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The Harvard Family Research Project separated from the Harvard Graduate School of Education to become the Global Family Research Project as of January 1, 2017. It is no longer affiliated with Harvard University.

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Sustaining older youth’s interest in learning is particularly critical given that nearly one in four students fails to graduate from high school on time. Research indicates that regular participation in quality expanded learning opportunities (ELOs) can help keep older youth on a positive academic trajectory and support their successful graduation and transition into college and/or career.

In this first brief in our series with the National Conference of State Legislatures, we examine the benefits of ELOs for older youth as well as the policy implications of recent research. Helping Older Youth Succeed Through Expanded Learning Opportunities provides examples of positive youth outcomes, common characteristics of high-quality programs and initiatives, and policy recommendations based on these findings.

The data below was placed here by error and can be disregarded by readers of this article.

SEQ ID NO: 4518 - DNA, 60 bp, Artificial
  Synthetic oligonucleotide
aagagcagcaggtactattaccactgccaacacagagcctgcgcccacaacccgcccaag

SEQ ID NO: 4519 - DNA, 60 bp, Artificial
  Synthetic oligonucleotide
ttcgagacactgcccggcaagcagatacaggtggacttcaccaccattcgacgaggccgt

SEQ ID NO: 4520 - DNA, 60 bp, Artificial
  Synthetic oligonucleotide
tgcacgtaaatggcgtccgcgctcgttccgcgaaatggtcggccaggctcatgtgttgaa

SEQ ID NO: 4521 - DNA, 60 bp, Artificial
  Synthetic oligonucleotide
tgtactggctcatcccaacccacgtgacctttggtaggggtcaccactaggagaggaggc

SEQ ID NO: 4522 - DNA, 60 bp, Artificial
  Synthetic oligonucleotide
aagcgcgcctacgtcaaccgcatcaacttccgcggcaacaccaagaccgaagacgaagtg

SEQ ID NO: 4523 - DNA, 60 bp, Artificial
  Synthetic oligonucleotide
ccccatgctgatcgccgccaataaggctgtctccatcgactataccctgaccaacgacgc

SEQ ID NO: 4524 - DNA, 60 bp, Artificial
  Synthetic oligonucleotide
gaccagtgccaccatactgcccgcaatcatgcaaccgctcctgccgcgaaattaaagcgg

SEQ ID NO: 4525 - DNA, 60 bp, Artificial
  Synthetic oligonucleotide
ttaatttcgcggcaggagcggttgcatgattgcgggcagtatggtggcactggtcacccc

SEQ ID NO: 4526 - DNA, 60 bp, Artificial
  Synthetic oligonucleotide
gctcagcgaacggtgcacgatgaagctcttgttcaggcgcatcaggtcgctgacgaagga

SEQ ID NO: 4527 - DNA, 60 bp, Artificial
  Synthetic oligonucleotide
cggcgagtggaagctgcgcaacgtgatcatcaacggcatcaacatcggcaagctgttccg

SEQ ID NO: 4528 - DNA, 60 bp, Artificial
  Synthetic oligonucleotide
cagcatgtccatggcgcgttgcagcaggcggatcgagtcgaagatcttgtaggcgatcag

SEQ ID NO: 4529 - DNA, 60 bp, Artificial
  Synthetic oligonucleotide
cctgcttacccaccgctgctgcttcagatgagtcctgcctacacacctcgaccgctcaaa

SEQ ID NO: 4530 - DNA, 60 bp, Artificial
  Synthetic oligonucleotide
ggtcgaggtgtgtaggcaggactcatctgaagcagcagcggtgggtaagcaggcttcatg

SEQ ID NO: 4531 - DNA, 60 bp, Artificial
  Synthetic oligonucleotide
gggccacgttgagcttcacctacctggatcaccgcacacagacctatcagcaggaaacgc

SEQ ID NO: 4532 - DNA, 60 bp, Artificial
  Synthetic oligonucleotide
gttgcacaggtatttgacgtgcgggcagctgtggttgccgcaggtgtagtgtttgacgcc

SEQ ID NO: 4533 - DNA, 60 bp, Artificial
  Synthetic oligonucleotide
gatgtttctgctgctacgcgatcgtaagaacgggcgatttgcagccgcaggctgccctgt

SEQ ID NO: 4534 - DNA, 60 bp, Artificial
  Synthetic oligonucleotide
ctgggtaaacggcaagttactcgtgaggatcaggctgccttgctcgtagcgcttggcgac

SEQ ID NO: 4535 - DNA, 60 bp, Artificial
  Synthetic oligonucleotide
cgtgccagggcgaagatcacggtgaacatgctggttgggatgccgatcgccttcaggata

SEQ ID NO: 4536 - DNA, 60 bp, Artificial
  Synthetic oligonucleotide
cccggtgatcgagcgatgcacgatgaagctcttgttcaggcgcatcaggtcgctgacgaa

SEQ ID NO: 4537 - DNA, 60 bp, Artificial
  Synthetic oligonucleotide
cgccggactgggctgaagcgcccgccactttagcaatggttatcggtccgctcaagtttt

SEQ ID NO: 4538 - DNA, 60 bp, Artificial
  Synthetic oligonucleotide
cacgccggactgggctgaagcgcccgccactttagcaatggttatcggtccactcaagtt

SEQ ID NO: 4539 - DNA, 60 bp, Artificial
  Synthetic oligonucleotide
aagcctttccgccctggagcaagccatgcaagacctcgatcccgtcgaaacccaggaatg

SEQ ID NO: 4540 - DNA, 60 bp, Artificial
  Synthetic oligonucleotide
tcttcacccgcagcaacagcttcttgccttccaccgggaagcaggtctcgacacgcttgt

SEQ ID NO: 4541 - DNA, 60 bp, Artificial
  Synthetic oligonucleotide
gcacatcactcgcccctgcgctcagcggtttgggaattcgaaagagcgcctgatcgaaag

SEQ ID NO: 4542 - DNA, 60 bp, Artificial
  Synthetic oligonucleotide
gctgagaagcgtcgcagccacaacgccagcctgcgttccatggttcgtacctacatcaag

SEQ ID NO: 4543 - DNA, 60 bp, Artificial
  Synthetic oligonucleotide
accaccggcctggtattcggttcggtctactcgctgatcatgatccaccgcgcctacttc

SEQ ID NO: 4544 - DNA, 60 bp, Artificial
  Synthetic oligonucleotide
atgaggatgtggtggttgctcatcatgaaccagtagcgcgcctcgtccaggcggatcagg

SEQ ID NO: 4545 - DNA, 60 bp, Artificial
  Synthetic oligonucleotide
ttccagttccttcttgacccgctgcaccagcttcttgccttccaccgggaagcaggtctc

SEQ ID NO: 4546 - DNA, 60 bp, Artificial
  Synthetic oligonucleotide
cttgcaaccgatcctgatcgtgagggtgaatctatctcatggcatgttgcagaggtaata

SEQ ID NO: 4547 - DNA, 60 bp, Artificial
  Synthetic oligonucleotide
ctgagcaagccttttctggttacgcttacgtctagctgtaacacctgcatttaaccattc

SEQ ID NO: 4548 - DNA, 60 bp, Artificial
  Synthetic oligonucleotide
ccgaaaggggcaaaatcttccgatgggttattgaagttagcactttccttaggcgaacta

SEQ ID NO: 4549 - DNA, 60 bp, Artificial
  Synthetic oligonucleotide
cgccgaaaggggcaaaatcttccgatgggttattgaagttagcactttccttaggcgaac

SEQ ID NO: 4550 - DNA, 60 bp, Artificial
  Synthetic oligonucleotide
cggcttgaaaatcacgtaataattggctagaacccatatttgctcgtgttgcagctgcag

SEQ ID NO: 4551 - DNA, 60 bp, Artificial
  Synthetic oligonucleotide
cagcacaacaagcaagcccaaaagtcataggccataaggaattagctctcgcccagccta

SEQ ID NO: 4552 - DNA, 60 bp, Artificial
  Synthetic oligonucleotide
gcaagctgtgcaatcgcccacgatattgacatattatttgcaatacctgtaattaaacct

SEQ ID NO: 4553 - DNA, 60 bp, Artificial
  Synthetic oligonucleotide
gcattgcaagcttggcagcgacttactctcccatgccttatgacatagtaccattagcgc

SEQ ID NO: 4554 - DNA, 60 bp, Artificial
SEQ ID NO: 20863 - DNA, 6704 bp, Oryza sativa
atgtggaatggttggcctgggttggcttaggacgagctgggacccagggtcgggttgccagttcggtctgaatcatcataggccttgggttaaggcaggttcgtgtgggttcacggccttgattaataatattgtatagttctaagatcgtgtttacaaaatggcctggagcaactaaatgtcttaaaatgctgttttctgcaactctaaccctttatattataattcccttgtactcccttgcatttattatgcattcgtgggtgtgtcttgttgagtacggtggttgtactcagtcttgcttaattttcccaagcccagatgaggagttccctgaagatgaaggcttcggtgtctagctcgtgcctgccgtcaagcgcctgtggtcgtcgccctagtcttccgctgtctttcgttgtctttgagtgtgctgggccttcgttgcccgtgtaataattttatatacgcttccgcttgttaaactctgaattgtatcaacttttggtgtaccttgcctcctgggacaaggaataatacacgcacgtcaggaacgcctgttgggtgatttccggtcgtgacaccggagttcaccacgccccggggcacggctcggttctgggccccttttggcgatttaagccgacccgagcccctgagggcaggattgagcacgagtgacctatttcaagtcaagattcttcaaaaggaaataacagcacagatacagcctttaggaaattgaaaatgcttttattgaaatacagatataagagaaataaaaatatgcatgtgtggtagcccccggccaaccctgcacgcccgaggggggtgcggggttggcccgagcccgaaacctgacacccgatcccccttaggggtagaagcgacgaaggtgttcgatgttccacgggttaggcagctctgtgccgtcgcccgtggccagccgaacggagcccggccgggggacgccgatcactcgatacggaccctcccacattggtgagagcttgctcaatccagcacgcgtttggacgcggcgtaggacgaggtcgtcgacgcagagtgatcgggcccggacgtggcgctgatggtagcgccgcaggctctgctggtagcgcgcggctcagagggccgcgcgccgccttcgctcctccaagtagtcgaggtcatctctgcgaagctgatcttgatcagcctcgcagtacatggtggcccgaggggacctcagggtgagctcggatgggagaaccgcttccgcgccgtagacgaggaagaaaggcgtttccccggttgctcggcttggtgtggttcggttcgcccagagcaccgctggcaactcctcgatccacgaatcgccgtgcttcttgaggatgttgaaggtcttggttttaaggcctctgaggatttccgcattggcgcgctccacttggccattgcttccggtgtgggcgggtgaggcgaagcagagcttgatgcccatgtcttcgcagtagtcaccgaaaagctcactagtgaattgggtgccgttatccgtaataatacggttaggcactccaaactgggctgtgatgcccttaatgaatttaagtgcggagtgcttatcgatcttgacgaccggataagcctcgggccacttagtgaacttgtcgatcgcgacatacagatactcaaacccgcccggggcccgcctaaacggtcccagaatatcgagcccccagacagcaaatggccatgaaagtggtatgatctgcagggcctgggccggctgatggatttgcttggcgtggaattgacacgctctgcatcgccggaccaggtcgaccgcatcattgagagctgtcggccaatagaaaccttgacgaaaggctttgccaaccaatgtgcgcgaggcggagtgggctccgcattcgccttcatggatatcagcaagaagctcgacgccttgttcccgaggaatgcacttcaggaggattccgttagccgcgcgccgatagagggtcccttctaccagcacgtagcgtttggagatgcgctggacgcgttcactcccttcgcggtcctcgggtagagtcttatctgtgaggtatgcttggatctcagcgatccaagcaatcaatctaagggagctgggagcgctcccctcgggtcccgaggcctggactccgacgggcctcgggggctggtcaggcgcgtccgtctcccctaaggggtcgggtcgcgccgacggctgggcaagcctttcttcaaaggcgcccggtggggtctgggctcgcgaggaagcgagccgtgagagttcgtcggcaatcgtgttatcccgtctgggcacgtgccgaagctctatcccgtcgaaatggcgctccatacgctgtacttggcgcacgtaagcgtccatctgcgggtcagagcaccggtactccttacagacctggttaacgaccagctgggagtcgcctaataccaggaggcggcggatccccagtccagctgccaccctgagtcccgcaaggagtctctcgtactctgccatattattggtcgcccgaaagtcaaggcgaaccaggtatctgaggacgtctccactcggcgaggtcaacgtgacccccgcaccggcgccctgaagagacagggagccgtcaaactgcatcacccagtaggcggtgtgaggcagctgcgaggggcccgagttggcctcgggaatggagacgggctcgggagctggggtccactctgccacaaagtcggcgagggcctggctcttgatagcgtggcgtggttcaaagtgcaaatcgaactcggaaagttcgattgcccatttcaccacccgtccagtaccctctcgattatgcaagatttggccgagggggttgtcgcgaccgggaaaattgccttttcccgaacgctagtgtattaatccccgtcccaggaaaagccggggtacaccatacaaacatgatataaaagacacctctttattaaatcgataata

What are expanded learning opportunities?
Expanded learning opportunities offer structured learning environments outside the traditional school day: before and after school; in summer; and through extended-day, -week, or -year programs. ELOs provide a range of enrichment and learning activities in various subjects including arts; civic engagement; and science, technology, engineering, and math (STEM). ELOs are part of a range of supports that can help youth succeed, along with positive influences from family, friends, school, and other enrichment activities.

This series by Harvard Family Research Project and the National Conference of State Legislatures (NCSL)—a bipartisan organization that serves the legislators and staffs of the nation's 50 states, its commonwealths, and territories—addresses topics in expanded learning opportunities (ELOs). This series aims to highlight research evidence on ELO best practices and effects on youth and discuss the policy implications related to this research.

© 2016 Presidents and Fellows of Harvard College
Published by Harvard Family Research Project